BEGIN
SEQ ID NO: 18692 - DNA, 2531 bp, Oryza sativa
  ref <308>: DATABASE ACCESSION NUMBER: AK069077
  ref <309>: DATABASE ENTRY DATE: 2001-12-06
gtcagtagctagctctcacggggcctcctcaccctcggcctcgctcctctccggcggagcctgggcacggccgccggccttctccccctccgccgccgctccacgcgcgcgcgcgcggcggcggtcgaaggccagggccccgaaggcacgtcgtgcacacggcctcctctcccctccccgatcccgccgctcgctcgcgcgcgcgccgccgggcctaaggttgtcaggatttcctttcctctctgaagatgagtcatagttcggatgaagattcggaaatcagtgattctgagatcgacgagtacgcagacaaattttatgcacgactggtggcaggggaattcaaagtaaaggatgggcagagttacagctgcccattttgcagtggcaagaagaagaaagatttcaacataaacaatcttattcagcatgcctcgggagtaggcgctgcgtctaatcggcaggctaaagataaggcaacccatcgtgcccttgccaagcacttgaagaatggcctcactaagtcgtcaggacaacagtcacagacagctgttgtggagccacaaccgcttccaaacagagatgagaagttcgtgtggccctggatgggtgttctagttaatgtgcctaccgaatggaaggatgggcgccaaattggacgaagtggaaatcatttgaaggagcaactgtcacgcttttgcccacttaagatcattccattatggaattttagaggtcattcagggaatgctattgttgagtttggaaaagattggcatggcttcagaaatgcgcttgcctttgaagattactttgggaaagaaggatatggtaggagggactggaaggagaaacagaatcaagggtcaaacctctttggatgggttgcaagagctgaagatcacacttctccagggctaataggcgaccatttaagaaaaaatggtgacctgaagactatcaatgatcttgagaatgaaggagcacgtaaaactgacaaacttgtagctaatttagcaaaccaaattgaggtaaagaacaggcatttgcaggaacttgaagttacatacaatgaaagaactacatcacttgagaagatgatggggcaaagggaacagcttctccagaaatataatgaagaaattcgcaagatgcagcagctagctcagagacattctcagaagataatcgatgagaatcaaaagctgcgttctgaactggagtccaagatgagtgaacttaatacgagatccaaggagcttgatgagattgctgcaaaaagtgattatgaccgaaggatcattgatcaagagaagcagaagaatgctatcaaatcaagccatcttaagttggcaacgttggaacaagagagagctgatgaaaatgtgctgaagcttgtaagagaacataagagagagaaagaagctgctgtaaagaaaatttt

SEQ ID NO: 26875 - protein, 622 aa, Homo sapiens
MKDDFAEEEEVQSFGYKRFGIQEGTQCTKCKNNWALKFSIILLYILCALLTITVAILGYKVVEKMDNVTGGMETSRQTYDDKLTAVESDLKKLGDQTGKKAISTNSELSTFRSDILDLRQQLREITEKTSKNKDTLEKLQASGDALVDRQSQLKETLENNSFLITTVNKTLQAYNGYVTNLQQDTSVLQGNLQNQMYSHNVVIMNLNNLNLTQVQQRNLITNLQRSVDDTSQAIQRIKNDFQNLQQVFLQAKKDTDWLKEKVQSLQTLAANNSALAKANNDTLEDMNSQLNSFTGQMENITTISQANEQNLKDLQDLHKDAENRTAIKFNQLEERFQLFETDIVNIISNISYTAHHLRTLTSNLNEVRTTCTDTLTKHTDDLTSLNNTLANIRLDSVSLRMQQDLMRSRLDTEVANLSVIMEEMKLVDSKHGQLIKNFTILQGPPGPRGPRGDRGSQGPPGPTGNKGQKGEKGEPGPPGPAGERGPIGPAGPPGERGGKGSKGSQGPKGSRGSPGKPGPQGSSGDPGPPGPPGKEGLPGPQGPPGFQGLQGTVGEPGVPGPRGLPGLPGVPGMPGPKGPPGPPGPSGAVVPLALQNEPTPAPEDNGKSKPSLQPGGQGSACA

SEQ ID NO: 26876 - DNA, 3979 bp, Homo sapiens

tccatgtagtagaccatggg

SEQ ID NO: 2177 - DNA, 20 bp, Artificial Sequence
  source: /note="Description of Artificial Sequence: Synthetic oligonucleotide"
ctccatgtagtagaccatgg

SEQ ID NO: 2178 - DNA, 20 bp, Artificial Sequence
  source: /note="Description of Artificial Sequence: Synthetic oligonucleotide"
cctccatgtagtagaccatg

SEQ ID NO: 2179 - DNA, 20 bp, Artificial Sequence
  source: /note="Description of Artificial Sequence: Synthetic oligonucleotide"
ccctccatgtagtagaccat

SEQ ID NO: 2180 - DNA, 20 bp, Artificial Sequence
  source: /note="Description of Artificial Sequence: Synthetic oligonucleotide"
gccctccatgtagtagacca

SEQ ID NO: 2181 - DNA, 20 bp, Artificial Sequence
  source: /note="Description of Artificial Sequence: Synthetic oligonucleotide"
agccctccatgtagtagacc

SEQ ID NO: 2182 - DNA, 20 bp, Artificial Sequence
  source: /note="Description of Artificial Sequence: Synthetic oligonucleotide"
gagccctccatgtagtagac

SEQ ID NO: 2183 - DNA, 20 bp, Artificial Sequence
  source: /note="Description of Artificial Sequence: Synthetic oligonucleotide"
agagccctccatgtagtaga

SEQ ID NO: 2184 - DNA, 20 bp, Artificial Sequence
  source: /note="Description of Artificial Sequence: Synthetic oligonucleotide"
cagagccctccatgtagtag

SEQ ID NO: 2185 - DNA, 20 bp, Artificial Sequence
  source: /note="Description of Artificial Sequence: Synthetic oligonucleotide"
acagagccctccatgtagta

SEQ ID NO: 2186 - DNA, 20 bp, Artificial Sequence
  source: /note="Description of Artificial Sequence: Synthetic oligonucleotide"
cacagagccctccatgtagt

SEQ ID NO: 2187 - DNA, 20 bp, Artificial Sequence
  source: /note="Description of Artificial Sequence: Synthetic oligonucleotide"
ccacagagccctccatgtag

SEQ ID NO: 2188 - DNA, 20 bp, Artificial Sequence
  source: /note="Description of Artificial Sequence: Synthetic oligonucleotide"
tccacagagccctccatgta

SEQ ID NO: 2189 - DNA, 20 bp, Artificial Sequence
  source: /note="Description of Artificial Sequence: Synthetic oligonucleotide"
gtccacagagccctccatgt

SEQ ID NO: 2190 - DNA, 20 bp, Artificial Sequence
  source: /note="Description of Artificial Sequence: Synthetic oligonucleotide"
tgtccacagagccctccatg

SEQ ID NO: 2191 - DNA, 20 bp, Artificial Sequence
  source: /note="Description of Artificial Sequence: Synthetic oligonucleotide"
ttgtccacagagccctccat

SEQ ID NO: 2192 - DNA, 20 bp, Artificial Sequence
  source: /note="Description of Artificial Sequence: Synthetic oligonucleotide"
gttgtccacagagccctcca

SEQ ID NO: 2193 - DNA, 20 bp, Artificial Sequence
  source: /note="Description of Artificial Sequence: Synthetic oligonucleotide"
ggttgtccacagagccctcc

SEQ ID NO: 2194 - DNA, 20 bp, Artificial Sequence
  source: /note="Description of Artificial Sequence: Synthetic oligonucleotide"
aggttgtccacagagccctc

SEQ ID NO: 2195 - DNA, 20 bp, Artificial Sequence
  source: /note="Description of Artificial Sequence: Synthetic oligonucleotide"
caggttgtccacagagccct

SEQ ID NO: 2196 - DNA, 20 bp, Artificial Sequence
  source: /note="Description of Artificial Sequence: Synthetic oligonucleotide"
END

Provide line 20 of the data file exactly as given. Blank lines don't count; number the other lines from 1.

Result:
gccctccatgtagtagacca